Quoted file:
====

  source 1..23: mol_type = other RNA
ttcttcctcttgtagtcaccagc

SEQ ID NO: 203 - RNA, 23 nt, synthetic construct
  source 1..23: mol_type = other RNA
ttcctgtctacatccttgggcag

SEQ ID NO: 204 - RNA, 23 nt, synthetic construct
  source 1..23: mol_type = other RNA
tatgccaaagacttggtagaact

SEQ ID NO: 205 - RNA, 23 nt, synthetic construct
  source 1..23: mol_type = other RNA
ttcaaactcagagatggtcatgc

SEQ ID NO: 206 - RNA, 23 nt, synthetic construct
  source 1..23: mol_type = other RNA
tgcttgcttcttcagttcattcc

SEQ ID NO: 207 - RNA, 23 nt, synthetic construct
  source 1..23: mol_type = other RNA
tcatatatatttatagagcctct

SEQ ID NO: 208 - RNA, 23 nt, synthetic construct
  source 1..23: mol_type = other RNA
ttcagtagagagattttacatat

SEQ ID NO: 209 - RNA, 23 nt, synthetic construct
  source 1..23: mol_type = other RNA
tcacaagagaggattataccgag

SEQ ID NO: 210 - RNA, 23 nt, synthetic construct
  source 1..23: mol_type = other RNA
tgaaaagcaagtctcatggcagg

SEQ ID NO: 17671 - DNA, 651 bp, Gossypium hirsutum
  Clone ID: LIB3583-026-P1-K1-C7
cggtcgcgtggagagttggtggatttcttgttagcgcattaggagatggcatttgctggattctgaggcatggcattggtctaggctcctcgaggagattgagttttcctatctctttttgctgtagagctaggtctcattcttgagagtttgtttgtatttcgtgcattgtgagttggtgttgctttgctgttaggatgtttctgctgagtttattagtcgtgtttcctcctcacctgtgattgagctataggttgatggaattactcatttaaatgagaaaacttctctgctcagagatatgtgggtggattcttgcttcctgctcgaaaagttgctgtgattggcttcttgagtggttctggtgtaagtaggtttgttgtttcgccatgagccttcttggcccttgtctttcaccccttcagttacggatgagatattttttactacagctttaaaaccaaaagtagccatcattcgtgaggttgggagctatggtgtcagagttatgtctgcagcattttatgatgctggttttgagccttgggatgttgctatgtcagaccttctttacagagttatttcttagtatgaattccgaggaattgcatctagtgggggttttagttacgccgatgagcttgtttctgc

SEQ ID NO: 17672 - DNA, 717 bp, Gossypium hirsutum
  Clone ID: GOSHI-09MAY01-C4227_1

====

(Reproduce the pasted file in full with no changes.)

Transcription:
  source 1..23: mol_type = other RNA
ttcttcctcttgtagtcaccagc

SEQ ID NO: 203 - RNA, 23 nt, synthetic construct
  source 1..23: mol_type = other RNA
ttcctgtctacatccttgggcag

SEQ ID NO: 204 - RNA, 23 nt, synthetic construct
  source 1..23: mol_type = other RNA
tatgccaaagacttggtagaact

SEQ ID NO: 205 - RNA, 23 nt, synthetic construct
  source 1..23: mol_type = other RNA
ttcaaactcagagatggtcatgc

SEQ ID NO: 206 - RNA, 23 nt, synthetic construct
  source 1..23: mol_type = other RNA
tgcttgcttcttcagttcattcc

SEQ ID NO: 207 - RNA, 23 nt, synthetic construct
  source 1..23: mol_type = other RNA
tcatatatatttatagagcctct

SEQ ID NO: 208 - RNA, 23 nt, synthetic construct
  source 1..23: mol_type = other RNA
ttcagtagagagattttacatat

SEQ ID NO: 209 - RNA, 23 nt, synthetic construct
  source 1..23: mol_type = other RNA
tcacaagagaggattataccgag

SEQ ID NO: 210 - RNA, 23 nt, synthetic construct
  source 1..23: mol_type = other RNA
tgaaaagcaagtctcatggcagg

SEQ ID NO: 17671 - DNA, 651 bp, Gossypium hirsutum
  Clone ID: LIB3583-026-P1-K1-C7
cggtcgcgtggagagttggtggatttcttgttagcgcattaggagatggcatttgctggattctgaggcatggcattggtctaggctcctcgaggagattgagttttcctatctctttttgctgtagagctaggtctcattcttgagagtttgtttgtatttcgtgcattgtgagttggtgttgctttgctgttaggatgtttctgctgagtttattagtcgtgtttcctcctcacctgtgattgagctataggttgatggaattactcatttaaatgagaaaacttctctgctcagagatatgtgggtggattcttgcttcctgctcgaaaagttgctgtgattggcttcttgagtggttctggtgtaagtaggtttgttgtttcgccatgagccttcttggcccttgtctttcaccccttcagttacggatgagatattttttactacagctttaaaaccaaaagtagccatcattcgtgaggttgggagctatggtgtcagagttatgtctgcagcattttatgatgctggttttgagccttgggatgttgctatgtcagaccttctttacagagttatttcttagtatgaattccgaggaattgcatctagtgggggttttagttacgccgatgagcttgtttctgc

SEQ ID NO: 17672 - DNA, 717 bp, Gossypium hirsutum
  Clone ID: GOSHI-09MAY01-C4227_1